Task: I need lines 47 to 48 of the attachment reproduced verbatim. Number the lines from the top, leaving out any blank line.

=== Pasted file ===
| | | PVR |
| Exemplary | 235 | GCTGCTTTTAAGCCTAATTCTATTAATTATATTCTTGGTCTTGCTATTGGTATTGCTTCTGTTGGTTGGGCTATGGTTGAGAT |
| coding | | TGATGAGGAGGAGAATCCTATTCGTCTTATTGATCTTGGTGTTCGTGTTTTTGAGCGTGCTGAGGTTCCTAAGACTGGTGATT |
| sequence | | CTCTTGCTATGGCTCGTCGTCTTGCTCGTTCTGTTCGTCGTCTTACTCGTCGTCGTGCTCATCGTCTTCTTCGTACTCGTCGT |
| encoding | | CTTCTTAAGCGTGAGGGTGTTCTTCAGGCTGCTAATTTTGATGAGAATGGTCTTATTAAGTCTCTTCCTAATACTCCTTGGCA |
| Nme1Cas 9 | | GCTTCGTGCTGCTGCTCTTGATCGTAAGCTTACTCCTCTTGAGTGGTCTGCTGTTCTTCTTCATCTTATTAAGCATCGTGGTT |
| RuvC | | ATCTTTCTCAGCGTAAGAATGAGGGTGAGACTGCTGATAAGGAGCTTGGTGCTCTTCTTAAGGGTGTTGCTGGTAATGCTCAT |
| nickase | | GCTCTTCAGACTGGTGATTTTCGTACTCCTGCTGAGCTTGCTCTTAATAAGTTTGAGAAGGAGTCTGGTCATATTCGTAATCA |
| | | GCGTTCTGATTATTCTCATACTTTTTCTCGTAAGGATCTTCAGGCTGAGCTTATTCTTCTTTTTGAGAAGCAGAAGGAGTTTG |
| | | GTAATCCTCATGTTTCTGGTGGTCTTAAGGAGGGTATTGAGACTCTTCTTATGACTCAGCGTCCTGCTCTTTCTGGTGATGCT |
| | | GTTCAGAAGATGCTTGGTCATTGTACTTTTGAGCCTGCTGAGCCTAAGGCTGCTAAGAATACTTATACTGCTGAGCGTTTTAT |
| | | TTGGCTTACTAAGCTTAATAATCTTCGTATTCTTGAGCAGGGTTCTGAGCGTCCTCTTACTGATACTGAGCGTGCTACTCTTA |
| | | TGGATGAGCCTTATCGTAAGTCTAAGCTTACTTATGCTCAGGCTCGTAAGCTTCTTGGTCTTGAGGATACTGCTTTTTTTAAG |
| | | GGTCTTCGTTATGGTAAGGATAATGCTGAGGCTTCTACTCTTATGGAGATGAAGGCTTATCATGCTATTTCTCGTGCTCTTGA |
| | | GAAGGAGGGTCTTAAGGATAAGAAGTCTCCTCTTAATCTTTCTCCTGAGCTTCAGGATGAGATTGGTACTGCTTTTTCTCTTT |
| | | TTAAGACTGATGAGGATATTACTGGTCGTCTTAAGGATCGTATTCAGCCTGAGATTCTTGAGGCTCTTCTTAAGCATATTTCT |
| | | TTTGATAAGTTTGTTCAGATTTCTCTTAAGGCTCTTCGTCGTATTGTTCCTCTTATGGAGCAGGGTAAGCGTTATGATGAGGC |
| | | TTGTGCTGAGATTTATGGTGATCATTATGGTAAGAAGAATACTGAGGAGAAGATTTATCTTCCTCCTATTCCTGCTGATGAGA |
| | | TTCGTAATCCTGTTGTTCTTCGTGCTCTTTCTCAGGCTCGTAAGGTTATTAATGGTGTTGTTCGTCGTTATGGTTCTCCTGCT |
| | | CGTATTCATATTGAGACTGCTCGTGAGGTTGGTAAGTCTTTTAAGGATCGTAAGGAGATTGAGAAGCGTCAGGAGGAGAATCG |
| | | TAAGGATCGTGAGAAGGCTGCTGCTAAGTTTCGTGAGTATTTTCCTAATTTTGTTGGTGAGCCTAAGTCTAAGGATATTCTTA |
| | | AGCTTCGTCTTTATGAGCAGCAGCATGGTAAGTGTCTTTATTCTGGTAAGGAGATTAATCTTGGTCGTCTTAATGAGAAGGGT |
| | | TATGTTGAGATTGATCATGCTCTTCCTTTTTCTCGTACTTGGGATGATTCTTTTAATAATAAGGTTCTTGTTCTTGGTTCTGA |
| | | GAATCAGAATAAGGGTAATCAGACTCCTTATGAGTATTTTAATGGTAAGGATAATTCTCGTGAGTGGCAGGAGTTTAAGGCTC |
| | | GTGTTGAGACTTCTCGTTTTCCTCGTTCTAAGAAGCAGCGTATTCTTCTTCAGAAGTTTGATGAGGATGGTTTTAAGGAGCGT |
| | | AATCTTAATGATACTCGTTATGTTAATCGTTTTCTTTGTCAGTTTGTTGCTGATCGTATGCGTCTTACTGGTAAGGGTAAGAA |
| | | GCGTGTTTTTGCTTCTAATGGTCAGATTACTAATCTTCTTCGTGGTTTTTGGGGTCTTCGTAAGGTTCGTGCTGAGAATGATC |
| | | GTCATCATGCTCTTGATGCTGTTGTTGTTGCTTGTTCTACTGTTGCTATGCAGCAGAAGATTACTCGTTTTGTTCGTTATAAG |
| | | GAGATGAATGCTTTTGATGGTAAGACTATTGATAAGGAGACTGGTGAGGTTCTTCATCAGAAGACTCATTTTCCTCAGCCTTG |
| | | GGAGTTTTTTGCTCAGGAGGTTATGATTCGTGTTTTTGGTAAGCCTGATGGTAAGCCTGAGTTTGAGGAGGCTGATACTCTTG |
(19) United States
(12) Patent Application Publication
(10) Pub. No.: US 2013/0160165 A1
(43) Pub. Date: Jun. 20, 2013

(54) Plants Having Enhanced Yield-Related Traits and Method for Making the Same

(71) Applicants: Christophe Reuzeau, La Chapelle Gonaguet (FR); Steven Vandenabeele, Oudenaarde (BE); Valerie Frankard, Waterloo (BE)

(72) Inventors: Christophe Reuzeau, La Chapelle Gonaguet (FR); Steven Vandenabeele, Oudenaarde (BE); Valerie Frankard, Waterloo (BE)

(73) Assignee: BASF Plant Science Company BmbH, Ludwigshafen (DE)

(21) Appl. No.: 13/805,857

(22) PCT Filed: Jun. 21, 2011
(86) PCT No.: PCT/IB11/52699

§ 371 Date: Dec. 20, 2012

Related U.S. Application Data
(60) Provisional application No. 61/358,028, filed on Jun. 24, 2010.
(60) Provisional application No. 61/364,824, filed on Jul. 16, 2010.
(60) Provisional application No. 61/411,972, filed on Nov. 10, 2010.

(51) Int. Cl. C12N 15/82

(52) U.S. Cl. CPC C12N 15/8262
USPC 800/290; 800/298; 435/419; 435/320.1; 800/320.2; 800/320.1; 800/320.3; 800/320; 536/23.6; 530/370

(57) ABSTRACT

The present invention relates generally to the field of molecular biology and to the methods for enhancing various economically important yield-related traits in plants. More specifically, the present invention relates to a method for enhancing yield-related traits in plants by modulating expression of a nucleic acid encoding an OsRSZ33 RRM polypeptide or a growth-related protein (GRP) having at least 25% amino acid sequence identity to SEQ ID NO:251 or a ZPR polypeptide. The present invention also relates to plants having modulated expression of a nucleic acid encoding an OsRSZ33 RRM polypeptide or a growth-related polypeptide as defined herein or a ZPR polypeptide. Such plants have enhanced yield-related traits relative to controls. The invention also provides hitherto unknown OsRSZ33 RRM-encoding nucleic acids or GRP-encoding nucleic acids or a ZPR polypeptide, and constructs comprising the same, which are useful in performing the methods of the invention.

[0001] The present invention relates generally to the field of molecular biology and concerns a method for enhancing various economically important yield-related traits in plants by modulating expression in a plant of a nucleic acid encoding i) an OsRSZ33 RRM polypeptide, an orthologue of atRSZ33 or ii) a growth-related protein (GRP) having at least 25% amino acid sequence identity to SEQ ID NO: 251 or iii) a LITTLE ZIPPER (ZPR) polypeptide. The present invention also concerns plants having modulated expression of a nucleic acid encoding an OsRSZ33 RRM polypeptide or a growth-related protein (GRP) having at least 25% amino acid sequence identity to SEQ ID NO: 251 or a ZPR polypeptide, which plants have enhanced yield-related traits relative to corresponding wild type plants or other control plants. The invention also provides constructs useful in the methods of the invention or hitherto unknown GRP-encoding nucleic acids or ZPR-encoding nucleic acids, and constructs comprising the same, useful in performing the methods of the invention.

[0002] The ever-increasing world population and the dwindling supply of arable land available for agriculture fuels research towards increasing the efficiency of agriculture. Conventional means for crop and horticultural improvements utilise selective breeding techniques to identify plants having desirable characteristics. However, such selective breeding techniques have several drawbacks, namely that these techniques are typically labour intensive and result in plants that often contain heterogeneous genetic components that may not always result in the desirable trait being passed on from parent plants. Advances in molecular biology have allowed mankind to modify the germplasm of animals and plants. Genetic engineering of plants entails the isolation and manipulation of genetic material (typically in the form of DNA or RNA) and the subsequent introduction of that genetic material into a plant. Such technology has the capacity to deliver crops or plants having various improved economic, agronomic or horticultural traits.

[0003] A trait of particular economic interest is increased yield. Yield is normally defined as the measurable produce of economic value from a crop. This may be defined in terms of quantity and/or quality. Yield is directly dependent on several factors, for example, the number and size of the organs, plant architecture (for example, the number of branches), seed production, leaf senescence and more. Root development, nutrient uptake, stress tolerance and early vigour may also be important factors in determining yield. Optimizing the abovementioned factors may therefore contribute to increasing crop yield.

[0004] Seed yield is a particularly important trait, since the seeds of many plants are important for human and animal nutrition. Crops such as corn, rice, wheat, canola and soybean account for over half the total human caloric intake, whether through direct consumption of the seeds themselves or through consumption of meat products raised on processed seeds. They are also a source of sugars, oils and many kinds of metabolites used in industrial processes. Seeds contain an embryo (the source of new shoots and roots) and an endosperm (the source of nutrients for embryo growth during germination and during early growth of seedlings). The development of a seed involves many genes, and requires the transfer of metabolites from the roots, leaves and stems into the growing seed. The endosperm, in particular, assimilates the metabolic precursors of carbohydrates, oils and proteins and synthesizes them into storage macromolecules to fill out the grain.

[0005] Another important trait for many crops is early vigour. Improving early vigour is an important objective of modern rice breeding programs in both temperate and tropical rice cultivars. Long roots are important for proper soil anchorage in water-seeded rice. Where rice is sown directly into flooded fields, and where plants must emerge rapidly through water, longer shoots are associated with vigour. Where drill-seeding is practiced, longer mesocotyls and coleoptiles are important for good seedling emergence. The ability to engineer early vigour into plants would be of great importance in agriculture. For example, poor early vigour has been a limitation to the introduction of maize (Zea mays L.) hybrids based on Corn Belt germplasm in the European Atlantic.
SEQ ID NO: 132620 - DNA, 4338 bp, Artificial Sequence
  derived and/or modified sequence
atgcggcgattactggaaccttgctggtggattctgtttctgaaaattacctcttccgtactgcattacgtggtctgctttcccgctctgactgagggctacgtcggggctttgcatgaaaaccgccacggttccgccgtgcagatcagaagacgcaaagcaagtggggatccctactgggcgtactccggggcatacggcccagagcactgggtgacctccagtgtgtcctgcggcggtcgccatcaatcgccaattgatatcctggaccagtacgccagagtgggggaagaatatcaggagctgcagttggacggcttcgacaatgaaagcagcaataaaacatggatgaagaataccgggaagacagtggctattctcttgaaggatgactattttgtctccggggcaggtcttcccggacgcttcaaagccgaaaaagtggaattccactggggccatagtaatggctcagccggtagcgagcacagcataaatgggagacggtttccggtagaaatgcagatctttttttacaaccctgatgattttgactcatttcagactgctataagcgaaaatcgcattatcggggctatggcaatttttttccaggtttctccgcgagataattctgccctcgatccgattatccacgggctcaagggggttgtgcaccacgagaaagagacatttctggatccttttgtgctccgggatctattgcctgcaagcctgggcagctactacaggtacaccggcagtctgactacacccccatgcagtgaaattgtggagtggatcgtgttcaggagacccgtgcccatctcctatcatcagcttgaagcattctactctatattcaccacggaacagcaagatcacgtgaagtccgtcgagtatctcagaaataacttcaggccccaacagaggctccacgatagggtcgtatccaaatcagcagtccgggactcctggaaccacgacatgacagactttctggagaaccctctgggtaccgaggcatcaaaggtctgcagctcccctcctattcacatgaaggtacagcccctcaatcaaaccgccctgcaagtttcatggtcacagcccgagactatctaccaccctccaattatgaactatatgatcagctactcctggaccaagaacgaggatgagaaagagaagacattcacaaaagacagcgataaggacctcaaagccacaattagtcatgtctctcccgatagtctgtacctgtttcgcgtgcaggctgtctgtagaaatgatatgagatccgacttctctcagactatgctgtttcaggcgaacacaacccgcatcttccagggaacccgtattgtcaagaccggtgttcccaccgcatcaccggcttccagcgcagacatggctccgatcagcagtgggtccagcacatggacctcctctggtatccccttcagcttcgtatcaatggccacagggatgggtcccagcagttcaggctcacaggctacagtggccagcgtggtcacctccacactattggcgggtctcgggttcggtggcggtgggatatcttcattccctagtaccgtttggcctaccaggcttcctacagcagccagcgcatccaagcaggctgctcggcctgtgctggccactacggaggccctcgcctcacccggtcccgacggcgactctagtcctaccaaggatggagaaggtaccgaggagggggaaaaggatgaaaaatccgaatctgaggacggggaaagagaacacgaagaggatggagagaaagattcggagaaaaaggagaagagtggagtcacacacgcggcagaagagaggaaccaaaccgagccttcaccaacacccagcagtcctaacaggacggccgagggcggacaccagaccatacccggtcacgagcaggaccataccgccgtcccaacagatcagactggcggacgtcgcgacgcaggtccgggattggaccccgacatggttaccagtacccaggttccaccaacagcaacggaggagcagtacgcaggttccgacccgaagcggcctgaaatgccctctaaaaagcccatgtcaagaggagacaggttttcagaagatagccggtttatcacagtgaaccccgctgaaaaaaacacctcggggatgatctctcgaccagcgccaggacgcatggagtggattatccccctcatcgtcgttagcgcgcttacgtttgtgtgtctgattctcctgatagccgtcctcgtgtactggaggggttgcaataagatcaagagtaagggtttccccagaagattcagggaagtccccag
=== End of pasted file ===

(51) Int. Cl. C12N 15/82

(52) U.S. Cl. CPC C12N 15/8262